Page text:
T’s largest union signs new contract

Waiver removes provision hindering construction work

THE MBTA board of directors on Thursday approved a new two-year contract with its largest union that provides 2.5 percent annual wage increases and one-time allotments per employee of $2,000 in pandemic pay and $2,500 for waiver of a job protection rule negotiated by the union in 2016.

Ahmad Barnes, the T’s senior director of labor relations, said the total additional cost of the Carmen’s Union contract over the two-year period will be $27.7 million, half of which will be paid for with federal relief funds because fare revenue is down so much.

Barnes said the contract amounts to an average increase of nearly $2 an hour by the end of the contract and an average $4,148 increase in base salary.

The $2,000 payment is in recognition for work done during the pandemic. The other one-time payment of $2,500 is in return for allowing the T to use private bus drivers to handle diversion s– shuttling passengers between stops when capital work is being done on various subway and train lines. The waiver is temporary, expiring on February 28, 2024.

Barnes said the 2016 agreement required T drivers to handle a third of the diversion work. At the time that provision was negotiated, the T was doing about $500 million of construction work a year. The T is now doing three times that amount, and T employees are unable to keep up with the one-third requirement.

“These agreements from 2016 essentially strangled our ability to increase the amount of service delivery and perform a greater amount of construction work,” Barnes said.

Several sections of the union agreement are expected to help increase the number of operators, which are in short suppl y right now. Union officials said a key provision converts many part-time employees into full-time staff. Another provision allows the transit authority to pay signing bonuses to new employees, which had been prohibited previously. According to Barnes, the Carmen’s Union currently has 3,297 full-time employees.

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Bruce Mohl

Editor, CommonWealth

About Bruce Mohl

Bruce Mohl is the editor of CommonWealth magazine. Bruce came to CommonWealth from the Boston Globe, where he spent nearly 30 years in a wide variety of positions covering business and politics. He covered the Massachusetts State House and served as the Globe’s State House bureau chief in the late 1980s. He also reported for the Globe’s Spotlight Team, winning a Loeb award in 1992 for coverage of conflicts of interest in the state’s pension system. He served as the Globe’s political editor in 1994 and went on to cover consumer issues for the newspaper. At CommonWealth, Bruce helped launch the magazine’s website and has written about a wide range of issues with a special focus on politics, tax policy, energy, and gambling. Bruce is a graduate of Ohio Wesleyan University and the Fletcher School of Law and Diplomacy at Tufts University. He lives in Dorchester.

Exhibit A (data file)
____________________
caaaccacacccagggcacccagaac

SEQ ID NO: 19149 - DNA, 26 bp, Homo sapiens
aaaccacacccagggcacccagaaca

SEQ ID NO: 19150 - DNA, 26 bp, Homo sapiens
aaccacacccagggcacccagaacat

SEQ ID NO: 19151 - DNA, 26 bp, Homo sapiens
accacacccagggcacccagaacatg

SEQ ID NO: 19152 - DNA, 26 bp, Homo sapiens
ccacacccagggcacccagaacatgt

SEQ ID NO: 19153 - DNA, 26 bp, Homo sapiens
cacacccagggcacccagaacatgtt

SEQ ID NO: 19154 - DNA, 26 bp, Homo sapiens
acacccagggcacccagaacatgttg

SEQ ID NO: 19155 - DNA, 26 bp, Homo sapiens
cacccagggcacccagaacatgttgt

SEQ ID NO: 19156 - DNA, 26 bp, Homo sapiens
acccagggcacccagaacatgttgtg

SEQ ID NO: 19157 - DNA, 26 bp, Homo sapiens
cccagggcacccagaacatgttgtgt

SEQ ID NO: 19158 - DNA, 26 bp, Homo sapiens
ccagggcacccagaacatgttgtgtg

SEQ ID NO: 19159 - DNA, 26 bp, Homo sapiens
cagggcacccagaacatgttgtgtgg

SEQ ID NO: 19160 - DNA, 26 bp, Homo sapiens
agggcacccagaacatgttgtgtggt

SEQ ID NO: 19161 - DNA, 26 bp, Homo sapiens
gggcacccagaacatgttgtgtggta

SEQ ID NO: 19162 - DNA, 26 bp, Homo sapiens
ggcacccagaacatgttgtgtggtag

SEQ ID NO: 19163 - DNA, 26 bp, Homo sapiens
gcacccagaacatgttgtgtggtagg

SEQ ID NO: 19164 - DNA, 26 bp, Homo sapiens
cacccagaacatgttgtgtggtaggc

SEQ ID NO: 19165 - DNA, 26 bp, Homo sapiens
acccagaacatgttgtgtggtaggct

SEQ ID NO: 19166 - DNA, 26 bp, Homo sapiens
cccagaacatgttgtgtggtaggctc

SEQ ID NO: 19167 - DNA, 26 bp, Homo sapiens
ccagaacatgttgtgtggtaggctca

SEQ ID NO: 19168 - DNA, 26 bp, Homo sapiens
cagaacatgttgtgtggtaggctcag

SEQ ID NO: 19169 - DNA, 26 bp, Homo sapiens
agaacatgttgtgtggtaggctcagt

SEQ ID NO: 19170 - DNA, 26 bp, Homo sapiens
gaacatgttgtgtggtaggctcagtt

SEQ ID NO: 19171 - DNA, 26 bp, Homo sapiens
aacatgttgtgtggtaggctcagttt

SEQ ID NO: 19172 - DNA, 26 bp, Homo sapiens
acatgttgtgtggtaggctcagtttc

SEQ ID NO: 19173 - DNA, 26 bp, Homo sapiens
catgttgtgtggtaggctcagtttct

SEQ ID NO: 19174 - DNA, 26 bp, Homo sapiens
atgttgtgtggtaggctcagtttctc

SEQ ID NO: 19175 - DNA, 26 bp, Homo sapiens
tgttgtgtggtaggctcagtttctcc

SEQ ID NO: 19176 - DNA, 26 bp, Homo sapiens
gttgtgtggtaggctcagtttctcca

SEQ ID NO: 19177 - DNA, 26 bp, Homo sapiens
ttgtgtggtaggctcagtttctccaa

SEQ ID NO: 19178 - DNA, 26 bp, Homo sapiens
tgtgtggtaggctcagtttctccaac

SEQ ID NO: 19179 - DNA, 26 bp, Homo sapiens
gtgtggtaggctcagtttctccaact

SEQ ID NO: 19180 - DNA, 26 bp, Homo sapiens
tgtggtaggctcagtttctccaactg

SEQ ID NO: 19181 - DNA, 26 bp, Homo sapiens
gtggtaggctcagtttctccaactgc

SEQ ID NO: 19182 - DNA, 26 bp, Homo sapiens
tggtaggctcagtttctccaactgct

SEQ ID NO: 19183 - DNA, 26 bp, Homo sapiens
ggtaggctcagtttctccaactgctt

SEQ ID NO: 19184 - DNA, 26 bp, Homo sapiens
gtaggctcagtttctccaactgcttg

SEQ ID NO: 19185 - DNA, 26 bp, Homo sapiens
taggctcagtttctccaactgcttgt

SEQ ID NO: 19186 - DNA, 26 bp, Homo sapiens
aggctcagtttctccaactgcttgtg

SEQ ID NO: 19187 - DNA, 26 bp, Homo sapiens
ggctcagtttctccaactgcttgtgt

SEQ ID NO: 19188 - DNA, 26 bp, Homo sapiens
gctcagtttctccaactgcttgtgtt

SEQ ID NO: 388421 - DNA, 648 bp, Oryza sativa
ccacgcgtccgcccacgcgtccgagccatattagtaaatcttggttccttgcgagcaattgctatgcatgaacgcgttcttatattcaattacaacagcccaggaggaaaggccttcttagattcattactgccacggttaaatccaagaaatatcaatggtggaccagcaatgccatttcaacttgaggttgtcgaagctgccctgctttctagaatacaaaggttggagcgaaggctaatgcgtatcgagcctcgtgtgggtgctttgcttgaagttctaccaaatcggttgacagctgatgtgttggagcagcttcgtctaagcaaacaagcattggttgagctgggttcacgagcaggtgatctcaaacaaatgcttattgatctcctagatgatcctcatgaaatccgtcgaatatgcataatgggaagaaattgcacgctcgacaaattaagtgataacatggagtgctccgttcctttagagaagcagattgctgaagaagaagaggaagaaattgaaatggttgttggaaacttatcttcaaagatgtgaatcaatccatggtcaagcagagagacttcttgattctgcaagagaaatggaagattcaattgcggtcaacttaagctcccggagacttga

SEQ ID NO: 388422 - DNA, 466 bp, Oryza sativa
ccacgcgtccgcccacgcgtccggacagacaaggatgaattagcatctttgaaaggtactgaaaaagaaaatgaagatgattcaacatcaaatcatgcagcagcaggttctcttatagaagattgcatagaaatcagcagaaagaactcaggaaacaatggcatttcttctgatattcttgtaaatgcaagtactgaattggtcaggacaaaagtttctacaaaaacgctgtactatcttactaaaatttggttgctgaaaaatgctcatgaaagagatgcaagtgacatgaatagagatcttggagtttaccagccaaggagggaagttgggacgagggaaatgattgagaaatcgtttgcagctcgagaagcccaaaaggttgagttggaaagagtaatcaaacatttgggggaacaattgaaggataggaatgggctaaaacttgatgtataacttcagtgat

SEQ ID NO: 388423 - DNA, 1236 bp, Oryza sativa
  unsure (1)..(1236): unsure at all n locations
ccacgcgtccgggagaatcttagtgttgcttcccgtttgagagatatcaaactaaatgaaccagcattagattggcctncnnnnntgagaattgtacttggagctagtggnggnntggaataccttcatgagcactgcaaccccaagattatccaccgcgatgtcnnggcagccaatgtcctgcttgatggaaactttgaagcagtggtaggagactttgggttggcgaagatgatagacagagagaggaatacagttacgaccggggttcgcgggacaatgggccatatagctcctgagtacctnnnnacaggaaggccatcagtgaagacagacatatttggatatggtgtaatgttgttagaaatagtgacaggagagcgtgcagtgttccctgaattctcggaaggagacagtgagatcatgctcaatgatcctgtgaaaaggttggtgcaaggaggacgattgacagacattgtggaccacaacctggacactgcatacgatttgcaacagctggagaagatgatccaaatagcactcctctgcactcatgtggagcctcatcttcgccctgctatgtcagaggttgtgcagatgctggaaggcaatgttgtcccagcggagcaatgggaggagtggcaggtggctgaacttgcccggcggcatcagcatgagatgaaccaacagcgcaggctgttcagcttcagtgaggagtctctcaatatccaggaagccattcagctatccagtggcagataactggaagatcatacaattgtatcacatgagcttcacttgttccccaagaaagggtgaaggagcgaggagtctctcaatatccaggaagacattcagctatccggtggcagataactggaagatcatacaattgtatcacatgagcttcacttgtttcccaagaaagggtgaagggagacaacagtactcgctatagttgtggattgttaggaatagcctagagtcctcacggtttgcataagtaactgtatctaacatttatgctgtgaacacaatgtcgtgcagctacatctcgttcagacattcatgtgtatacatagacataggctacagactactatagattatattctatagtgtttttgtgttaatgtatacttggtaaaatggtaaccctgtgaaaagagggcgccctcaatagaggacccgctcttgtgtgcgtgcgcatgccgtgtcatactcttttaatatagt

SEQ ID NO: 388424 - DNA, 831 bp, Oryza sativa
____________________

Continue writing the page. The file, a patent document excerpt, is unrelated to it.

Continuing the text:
About Bruce Mohl

Bruce Mohl is the editor of CommonWealth magazine. Bruce came to CommonWealth from the Boston Globe, where he spent nearly 30 years in a wide variety of positions covering business and politics. He covered the Massachusetts State House and served as the Globe’s State House bureau chief in the late 1980s. He also reported for the Globe’s Spotlight Team, winning a Loeb award in 1992 for coverage of conflicts of interest in the state’s pension system. He served as the Globe’s political editor in 1994 and went on to cover consumer issues for the newspaper. At CommonWealth, Bruce helped launch the magazine’s website and has written about a wide range of issues with a special focus on politics, tax policy, energy, and gambling. Bruce is a graduate of Ohio Wesleyan University and the Fletcher School of Law and Diplomacy at Tufts University. He lives in Dorchester.

The new contract also increases the training wage paid to MBTA recruits who are getting their commercial driver’s license, or CDL. Under the contract, someone with a good driving record and a high school diploma or its equivalent can in eight weeks become an MBTA driver earning $33,000 a year with significant benefits.

The contract starts retroactively on July 1, 2021 and runs through June 30, 2023.